AMPERe One stroke engine

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Blackhawk

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I also read that the one-stroke was capable of 16,000 rpm .... in aviation it would need an exotic reduction unit to achieve prop speeds ....... the transmission could weigh more than the engine.

If you read their web site you'll find this paragraph:
"We are currently prioritizing resources to the power generation, aviation, automotive and marine sectors".

But then if you wanted a ducted fan jet or VTOL, then 16000rpm may be useful.

I attached the wrong PDF Patent above; it should have been their 3 cylinder radial which explains all the the working parts that are the same as the current range of engines from their site
 

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PMD

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Not only nothing shown as to how cylinders are charged, no explanation of the connection between inlet and exhaust ports while piston at mid-stroke. I am always skeptical when people adapt the "trust me" attitude when providing technical information. Also the fully unsupported claims regarding efficiency and emissions make me more than a bit doubtful.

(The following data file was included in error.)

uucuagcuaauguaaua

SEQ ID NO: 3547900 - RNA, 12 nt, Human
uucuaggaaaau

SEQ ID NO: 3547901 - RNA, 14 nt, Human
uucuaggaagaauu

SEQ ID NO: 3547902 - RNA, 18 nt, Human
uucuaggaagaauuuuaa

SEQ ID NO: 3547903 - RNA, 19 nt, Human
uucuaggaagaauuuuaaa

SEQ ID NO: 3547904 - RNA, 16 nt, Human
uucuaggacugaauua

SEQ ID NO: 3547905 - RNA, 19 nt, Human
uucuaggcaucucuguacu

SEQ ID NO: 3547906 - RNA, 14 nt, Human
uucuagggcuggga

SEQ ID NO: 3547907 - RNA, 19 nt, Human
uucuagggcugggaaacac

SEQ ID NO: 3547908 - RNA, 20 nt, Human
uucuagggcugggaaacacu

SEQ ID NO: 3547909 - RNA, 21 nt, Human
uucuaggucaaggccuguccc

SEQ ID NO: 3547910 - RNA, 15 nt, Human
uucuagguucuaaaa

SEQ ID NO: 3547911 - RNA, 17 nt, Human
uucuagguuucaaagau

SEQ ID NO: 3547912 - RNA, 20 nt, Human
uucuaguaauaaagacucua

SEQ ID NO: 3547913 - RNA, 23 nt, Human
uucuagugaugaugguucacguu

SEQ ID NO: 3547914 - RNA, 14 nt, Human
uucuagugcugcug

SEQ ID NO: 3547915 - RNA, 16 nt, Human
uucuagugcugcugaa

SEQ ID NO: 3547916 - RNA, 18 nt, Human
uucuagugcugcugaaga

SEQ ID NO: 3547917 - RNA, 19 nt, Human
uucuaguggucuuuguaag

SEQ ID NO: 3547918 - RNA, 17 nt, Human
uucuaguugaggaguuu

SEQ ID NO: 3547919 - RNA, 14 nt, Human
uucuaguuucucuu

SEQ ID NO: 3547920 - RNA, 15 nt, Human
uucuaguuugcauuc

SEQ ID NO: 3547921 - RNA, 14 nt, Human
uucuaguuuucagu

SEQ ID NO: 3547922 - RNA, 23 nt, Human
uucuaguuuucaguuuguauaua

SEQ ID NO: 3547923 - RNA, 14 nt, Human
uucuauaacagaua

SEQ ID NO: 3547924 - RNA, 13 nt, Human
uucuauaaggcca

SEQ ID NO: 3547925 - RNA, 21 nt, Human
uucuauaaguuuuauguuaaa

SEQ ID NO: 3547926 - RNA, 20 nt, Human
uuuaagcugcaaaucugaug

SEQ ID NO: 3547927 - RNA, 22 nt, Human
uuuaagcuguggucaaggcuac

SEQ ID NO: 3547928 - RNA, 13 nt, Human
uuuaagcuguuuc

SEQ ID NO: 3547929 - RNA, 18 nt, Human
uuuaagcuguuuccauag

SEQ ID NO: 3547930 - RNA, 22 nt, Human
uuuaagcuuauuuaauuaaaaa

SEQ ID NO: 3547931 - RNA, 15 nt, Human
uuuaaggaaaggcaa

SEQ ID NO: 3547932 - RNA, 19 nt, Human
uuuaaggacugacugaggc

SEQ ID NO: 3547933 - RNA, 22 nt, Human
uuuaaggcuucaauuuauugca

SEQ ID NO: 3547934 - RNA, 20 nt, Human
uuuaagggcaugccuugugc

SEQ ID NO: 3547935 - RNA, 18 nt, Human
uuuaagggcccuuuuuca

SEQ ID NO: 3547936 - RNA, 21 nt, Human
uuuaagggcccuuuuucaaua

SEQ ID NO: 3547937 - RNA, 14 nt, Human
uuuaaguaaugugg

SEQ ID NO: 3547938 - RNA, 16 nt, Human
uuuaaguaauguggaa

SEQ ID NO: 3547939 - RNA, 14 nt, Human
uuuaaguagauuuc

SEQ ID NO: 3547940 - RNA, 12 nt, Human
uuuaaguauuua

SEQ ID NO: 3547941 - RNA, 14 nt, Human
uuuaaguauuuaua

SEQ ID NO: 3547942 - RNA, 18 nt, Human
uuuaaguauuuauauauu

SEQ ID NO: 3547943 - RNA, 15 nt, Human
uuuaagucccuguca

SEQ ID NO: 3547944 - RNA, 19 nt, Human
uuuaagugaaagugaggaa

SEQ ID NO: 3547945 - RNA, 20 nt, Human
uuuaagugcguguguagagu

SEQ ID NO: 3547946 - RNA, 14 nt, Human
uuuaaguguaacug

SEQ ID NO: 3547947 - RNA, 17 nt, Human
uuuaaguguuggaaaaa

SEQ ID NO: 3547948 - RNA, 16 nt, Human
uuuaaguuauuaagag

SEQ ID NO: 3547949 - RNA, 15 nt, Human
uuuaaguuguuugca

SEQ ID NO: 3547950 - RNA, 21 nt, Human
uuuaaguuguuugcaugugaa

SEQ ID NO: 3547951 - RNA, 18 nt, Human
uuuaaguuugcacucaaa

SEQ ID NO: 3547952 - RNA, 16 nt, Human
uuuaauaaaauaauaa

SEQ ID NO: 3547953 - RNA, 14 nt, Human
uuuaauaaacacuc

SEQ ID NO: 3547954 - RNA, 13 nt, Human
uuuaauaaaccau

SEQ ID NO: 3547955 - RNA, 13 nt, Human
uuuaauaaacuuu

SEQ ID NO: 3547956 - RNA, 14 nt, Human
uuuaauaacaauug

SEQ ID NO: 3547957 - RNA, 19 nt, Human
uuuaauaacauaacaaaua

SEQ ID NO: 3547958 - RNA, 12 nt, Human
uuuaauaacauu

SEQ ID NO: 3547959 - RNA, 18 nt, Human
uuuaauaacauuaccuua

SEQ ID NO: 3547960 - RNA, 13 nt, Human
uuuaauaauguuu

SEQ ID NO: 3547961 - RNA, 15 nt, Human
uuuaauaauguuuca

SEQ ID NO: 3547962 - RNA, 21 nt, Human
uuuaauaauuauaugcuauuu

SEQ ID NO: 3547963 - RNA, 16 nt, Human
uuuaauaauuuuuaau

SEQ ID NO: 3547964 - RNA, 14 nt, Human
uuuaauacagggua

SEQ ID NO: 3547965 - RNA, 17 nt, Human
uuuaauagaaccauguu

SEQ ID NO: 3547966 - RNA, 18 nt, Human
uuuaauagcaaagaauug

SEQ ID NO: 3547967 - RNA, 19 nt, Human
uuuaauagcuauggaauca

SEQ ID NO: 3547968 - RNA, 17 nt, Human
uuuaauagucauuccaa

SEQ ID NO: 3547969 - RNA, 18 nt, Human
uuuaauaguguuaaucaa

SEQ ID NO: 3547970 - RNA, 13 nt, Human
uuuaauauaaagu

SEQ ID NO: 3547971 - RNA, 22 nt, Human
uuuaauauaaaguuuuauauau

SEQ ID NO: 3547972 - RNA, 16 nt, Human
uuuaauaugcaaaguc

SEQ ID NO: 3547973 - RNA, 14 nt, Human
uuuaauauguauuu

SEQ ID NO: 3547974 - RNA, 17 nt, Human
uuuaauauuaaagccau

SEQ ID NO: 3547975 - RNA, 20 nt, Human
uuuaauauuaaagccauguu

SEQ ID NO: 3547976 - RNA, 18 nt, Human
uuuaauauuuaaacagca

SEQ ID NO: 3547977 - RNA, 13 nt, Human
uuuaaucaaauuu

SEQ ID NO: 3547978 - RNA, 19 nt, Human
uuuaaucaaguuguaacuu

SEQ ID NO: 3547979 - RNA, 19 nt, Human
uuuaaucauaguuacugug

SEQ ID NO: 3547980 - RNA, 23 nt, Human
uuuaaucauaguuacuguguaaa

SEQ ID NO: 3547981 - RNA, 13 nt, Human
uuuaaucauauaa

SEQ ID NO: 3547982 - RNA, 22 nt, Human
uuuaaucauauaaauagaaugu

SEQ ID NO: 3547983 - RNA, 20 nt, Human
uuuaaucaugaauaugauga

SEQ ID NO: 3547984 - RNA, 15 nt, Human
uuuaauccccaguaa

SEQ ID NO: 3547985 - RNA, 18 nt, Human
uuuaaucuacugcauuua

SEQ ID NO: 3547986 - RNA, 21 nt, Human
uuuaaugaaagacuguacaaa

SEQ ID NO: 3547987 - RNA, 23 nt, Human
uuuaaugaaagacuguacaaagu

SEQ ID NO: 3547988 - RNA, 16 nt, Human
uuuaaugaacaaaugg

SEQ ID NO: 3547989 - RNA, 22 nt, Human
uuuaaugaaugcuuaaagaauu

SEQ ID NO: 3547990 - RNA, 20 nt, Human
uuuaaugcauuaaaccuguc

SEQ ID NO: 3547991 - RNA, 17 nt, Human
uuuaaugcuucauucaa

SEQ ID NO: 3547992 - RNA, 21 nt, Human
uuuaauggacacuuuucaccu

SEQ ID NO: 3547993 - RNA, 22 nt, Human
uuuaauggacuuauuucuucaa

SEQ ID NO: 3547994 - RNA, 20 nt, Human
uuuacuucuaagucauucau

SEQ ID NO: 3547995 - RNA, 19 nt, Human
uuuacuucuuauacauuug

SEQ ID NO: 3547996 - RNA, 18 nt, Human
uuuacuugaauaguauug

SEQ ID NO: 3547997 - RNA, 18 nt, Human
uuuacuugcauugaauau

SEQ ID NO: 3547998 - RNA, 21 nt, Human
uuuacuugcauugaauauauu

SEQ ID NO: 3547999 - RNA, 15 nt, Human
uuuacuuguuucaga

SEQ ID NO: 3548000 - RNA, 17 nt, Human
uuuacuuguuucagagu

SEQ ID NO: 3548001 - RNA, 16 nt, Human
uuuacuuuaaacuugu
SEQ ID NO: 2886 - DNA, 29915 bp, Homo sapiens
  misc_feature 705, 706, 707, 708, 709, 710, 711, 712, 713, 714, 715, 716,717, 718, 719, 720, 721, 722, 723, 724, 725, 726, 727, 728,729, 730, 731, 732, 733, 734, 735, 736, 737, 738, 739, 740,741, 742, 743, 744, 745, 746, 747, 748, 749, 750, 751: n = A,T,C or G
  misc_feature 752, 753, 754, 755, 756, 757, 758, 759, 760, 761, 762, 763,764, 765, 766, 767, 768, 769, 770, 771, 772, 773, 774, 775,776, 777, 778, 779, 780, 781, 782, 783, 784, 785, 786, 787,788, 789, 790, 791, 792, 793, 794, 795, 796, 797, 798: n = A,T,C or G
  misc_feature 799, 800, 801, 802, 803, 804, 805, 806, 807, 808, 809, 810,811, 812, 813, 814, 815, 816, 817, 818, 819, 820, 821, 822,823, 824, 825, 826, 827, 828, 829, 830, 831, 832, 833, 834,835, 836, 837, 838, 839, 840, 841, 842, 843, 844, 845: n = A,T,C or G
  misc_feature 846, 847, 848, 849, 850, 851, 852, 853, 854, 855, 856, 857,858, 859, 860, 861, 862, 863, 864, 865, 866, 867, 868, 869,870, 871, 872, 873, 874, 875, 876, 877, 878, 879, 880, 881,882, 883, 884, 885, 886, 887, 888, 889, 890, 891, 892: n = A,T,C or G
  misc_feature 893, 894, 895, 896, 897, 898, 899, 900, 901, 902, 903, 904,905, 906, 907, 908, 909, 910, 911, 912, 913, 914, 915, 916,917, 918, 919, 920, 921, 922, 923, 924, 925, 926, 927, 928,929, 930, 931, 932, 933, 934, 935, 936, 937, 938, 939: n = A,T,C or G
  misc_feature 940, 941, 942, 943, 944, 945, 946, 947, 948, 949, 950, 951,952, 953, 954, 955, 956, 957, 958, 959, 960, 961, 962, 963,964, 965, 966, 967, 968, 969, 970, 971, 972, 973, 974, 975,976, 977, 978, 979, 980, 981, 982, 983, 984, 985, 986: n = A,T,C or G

Hot Wings

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There's a lot missing. What, for instance, drives the air into the cylinders? A two-stroke uses crankcase pressures or a supercharger. This shows nothing at all.
Took a second look - I know, I shouldn't be wasting time on this...................

It is nothing but a couple of free pistons linked together. Didn't bother the read the whole patent but I got the impression all that is being patented is the linking idea. They will have trouble there with prior art as well.

If you look at the picture (CG?) on the web site the engine has 3 carburetors/throttle bodies (4 in the animation). These look to contain reed valves - also indicated by the little red and blue lines in the animation.
 

Dan Thomas

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Not only nothing shown as to how cylinders are charged, no explanation of the connection between inlet and exhaust ports while piston at mid-stroke. I am always skeptical when people adapt the "trust me" attitude when providing technical information. Also the fully unsupported claims regarding efficiency and emissions make me more than a bit doubtful.